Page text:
Figure 4: General mechanism for cross-dehydrogenative coupling involving direct arylation.
The regeoselectivity is usually controlled by thermodynamic factors (e.g. formation of the most stable intermediate through activation of the most acidic C-H bond or through the attack of the most nucleophilic position, Figure 5a)6 and by installation of a directing group (Figure 5b).7
Figure 5: Selected examples of cross-dehydrogenative coupling involving two arenes.
CDC via Ionic Intermediates
Unlike first two mechanisms CDC via ionic intermediates can be promoted by a number of transition metals including Pd, Ru, Zr, Ni, Cu, Fe, Co etc., whereas the last three are the most widely employed. The ionic mechanism predominantly relies on single electron transfer (SET) pathway, although some exceptions are known.8 Mechanistically C-C/N bond formation occurs between an electrophilic carbon species (carbocation) and a carbon- or nitrogen-based nucleophile (amine, amide, carbanion, enamine, heteroaromatic). Carbocations are generated in situ by C-H bond oxidation of a suitable precursor, whereas carbanions can be prepared by deprotonation of relatively acidic C-H or N-H bonds. As a source of carbocations, amines, ethers, allylic and benzylic compounds are usually employed. Oxidant choice depends on a substrate, although organic hydroperoxides were shown to be most efficient in many cases. The catalysis normally performed without ligand additive and simple TM salts are employed (halides, carboxylates, nitrates etc.) While it is hard to derive a single mechanism, the Ionic Intermediates pathway can be demonstrated on the iron(III) catalyzed CDC of ethers with N-nucleophiles, leading to a facile formation of a hemiaminal moiety (which present in a number of bioactive natural products) (Figure 6).
Figure 6: Iron catalyzed cross-dehydrogenative coupling of ethers and N-nucleophiles via Ionic Intermediates pathway.
CDC via Radical Intermediates
The radical Intermediates mechanism is very similar to the one described above (Ionic), except that no ionic intermediates are formed. The newly generated carbon-centered radical directly reacts with another active specie (e.g. carbocation, carboanion, C-C multiple bond) forming another radical, which later on gets oxidized either by an oxidant (Figure 7)9 or transition metal (Figure 8)10 realizing the desired product. The radical CDC is exclusively promoted by first-row transition metal complexes such as Cu, Fe, Mn (in some cases vanadium oxo-species) via single-electron transfer type pathway. Selective C-H bond oxidation to a radical can be achieved with phenols, electron-rich arenes, benzylic compounds and C(sp3)-H bond α- to carbonyl or heteroatom (O or N).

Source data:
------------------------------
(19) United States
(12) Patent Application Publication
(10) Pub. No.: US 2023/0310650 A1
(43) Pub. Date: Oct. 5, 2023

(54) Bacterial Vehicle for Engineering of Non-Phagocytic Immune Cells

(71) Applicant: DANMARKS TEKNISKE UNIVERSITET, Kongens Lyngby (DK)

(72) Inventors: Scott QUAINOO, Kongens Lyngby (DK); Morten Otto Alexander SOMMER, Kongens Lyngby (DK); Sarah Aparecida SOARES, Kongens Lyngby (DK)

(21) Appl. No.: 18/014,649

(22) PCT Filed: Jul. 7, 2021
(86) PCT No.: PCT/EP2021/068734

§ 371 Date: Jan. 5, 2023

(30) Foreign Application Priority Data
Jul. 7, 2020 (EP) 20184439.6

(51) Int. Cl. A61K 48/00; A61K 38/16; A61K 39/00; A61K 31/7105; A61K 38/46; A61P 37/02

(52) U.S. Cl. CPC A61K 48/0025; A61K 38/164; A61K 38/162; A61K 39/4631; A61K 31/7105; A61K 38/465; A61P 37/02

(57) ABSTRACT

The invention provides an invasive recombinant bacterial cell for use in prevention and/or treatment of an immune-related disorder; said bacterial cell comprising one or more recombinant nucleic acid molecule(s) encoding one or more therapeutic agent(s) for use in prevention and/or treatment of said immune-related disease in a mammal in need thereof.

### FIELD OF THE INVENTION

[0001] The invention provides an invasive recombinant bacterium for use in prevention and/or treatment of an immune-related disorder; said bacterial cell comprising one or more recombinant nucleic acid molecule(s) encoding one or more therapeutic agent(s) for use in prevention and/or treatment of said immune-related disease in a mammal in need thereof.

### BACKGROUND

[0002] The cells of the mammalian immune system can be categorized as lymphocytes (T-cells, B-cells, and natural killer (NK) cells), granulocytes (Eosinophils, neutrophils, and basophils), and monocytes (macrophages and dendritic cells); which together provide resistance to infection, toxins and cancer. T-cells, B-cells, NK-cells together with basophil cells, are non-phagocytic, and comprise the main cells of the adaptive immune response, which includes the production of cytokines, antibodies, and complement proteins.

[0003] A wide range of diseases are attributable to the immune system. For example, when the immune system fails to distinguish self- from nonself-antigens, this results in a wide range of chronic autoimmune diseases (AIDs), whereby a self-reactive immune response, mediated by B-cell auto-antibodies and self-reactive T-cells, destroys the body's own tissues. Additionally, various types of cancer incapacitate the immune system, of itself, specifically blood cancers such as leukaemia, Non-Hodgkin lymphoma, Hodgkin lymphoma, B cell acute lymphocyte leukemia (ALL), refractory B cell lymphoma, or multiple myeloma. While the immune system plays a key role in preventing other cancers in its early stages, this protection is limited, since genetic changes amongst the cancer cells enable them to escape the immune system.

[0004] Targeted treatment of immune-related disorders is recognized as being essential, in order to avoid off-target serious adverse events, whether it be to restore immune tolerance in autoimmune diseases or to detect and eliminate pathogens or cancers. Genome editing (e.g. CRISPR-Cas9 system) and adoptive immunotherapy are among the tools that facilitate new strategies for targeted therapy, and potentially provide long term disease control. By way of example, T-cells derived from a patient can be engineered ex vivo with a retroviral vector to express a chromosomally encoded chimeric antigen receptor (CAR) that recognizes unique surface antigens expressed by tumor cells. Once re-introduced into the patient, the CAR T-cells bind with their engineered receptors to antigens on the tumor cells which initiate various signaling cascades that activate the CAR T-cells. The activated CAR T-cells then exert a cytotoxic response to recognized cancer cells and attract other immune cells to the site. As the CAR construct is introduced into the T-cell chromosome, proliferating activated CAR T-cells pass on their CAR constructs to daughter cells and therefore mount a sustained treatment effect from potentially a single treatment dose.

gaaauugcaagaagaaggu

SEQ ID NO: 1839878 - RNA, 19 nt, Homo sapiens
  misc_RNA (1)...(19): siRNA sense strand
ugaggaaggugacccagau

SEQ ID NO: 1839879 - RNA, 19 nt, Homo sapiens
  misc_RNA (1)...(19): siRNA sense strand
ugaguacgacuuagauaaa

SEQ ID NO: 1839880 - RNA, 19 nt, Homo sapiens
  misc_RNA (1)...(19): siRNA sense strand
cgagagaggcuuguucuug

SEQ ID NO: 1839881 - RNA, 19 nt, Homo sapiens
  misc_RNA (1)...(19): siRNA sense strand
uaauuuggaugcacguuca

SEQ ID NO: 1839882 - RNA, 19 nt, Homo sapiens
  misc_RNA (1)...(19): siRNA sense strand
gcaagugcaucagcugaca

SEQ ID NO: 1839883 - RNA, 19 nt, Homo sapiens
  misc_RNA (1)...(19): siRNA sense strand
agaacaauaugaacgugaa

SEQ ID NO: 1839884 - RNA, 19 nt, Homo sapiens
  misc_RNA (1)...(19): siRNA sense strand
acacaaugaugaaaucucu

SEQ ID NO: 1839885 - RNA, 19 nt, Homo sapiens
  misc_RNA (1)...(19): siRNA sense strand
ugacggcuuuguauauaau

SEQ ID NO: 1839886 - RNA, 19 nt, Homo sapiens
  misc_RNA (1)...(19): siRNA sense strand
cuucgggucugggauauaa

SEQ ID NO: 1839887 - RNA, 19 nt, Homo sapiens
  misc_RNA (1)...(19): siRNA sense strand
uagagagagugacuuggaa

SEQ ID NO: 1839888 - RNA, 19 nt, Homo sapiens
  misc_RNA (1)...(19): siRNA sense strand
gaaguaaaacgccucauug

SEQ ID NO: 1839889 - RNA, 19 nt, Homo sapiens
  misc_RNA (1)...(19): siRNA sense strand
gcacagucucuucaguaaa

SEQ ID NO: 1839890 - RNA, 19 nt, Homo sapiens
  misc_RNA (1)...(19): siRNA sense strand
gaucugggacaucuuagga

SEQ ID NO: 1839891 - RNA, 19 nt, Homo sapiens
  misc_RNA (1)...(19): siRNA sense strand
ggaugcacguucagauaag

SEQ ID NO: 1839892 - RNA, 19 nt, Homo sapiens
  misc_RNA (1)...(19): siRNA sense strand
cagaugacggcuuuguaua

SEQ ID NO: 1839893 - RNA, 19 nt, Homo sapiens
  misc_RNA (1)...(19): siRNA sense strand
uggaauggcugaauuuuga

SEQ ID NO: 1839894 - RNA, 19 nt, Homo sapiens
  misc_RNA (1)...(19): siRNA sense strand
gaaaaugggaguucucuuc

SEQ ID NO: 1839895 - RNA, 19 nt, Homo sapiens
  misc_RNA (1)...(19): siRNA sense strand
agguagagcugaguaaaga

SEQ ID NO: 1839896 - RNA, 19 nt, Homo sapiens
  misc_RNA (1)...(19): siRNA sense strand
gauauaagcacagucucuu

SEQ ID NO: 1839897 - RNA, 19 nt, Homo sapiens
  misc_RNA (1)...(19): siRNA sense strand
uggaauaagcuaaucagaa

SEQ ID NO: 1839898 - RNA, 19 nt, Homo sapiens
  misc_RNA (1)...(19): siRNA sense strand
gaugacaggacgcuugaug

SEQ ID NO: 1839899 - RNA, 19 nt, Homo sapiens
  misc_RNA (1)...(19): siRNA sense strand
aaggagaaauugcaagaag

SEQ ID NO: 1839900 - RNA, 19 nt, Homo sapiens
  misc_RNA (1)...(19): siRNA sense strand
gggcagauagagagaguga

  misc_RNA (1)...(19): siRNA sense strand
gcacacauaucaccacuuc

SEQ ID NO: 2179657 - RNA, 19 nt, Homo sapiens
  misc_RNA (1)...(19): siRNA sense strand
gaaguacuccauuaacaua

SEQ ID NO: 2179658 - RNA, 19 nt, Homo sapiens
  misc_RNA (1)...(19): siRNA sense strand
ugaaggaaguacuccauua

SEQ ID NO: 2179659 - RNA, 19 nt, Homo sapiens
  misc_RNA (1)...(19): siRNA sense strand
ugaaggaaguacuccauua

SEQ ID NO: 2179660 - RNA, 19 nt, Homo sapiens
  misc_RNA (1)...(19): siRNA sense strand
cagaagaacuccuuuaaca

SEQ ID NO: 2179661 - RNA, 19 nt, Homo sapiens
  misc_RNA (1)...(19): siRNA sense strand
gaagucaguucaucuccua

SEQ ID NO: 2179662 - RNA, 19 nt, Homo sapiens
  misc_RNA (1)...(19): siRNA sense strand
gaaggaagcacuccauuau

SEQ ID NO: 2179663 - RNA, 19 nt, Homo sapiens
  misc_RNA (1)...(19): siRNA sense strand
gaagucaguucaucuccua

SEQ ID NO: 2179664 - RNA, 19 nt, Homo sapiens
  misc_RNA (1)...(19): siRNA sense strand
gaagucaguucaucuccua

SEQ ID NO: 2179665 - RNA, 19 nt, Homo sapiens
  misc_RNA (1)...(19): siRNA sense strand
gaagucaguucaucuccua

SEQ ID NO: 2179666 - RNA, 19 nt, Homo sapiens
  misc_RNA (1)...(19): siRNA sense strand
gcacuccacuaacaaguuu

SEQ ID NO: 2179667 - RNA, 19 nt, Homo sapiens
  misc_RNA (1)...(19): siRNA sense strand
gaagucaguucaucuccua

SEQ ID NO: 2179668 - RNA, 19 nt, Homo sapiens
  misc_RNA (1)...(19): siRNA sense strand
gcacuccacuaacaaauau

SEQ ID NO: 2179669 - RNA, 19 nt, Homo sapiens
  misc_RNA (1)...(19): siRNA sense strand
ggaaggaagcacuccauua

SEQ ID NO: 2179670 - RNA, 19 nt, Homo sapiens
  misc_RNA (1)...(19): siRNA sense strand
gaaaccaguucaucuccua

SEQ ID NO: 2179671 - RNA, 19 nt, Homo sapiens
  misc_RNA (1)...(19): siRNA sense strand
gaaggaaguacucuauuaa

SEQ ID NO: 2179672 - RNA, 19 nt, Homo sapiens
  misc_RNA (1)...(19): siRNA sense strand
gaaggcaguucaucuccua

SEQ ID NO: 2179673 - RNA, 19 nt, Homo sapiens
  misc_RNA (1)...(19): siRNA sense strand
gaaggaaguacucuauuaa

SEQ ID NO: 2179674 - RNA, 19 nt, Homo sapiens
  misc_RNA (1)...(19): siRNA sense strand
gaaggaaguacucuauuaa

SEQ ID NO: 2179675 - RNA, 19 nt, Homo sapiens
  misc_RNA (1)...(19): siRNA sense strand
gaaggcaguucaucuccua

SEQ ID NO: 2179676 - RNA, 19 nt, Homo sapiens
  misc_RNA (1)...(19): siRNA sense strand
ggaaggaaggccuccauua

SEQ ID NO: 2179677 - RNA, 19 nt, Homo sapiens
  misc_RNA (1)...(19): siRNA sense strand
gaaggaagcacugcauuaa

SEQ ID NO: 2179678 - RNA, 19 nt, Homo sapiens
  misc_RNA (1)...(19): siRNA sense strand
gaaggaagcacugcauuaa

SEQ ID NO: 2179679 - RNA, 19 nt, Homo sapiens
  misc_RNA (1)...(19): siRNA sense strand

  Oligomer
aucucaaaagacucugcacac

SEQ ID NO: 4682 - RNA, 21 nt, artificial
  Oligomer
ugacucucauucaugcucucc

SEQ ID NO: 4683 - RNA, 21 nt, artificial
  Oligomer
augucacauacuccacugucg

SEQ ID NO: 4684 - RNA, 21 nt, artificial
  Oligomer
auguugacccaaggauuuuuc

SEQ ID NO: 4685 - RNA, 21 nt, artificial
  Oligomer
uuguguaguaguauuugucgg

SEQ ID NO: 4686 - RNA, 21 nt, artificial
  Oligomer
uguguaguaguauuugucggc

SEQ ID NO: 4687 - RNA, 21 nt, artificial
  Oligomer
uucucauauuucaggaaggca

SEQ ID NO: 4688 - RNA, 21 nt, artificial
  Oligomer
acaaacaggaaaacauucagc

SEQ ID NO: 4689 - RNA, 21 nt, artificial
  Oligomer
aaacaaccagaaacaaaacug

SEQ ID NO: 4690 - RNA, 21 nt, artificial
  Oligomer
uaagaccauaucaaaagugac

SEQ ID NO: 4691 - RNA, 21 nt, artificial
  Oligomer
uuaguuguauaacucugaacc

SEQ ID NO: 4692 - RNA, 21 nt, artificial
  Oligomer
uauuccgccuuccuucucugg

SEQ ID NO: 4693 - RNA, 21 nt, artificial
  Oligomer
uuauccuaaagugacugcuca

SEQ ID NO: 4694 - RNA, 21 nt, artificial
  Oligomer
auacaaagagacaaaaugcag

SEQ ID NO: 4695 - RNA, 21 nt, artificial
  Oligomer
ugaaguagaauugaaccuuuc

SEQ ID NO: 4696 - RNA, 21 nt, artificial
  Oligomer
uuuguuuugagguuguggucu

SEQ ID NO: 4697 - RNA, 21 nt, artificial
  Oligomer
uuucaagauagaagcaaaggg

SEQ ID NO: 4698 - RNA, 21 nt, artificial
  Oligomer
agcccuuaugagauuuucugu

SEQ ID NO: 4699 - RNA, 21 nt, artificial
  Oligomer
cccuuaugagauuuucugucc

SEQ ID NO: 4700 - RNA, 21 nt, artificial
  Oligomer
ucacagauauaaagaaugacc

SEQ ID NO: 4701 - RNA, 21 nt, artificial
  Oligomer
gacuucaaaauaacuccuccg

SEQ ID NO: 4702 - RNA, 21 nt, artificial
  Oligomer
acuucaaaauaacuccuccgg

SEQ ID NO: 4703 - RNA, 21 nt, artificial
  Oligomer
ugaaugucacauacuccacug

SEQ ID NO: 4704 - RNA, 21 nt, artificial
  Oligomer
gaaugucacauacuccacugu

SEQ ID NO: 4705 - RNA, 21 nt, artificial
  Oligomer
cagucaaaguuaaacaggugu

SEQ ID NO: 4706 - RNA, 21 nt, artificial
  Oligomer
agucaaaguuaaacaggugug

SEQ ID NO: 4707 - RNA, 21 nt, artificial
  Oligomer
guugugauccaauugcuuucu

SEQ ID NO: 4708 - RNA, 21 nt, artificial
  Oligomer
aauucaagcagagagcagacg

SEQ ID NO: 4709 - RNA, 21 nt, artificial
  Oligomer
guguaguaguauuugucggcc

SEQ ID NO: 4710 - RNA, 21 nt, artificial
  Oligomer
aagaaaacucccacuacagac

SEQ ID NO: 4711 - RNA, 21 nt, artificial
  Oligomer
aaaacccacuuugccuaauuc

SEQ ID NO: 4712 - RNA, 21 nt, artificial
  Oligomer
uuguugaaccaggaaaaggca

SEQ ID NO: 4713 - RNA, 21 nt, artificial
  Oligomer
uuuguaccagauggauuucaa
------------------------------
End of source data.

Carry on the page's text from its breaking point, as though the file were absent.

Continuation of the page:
The radical CDC is essential in the synthesis of binaphtols11 and related compounds and can be achieved enantioselectively when chiral ligand is used (i.e. Salan, (R)-α-methylbenzylamine etc.).12
Figure 7: General mechanism for Cu-catalyzed cross-dehydrogenative phenolyc coupling.
Figure 8: Proposed mechanism for Fe-catalyzed cross-hydrogenative coupling of ethers with indole.
Cross-dehydrogenative coupling is a rapidly advancing field and may occur via wide array of pathways. Therefore some valuable transformations including Au-catalyzed dehydrogenative cyclization between allenes and arenes,13 Cu and Ni-catalyzed cross-coupling of alkynes,14 Cu and Pd-catalyzed CDC of aldehydes and arenes making ketones etc.,15 were not described. In many cases involving C(sp3)-H and sometimes C(sp2)-H bonds CDC may occur without transition metal catalyst. Finally, it is worth noting, that CDC approach is widely used by nature to construct C-C bonds in living organisms, which primarily involves catalysis promoted by cytochrome P450 (CYP) enzymes in the presence of O2 as the terminal oxidant.16
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- Kirill Korvinson (City University of New York)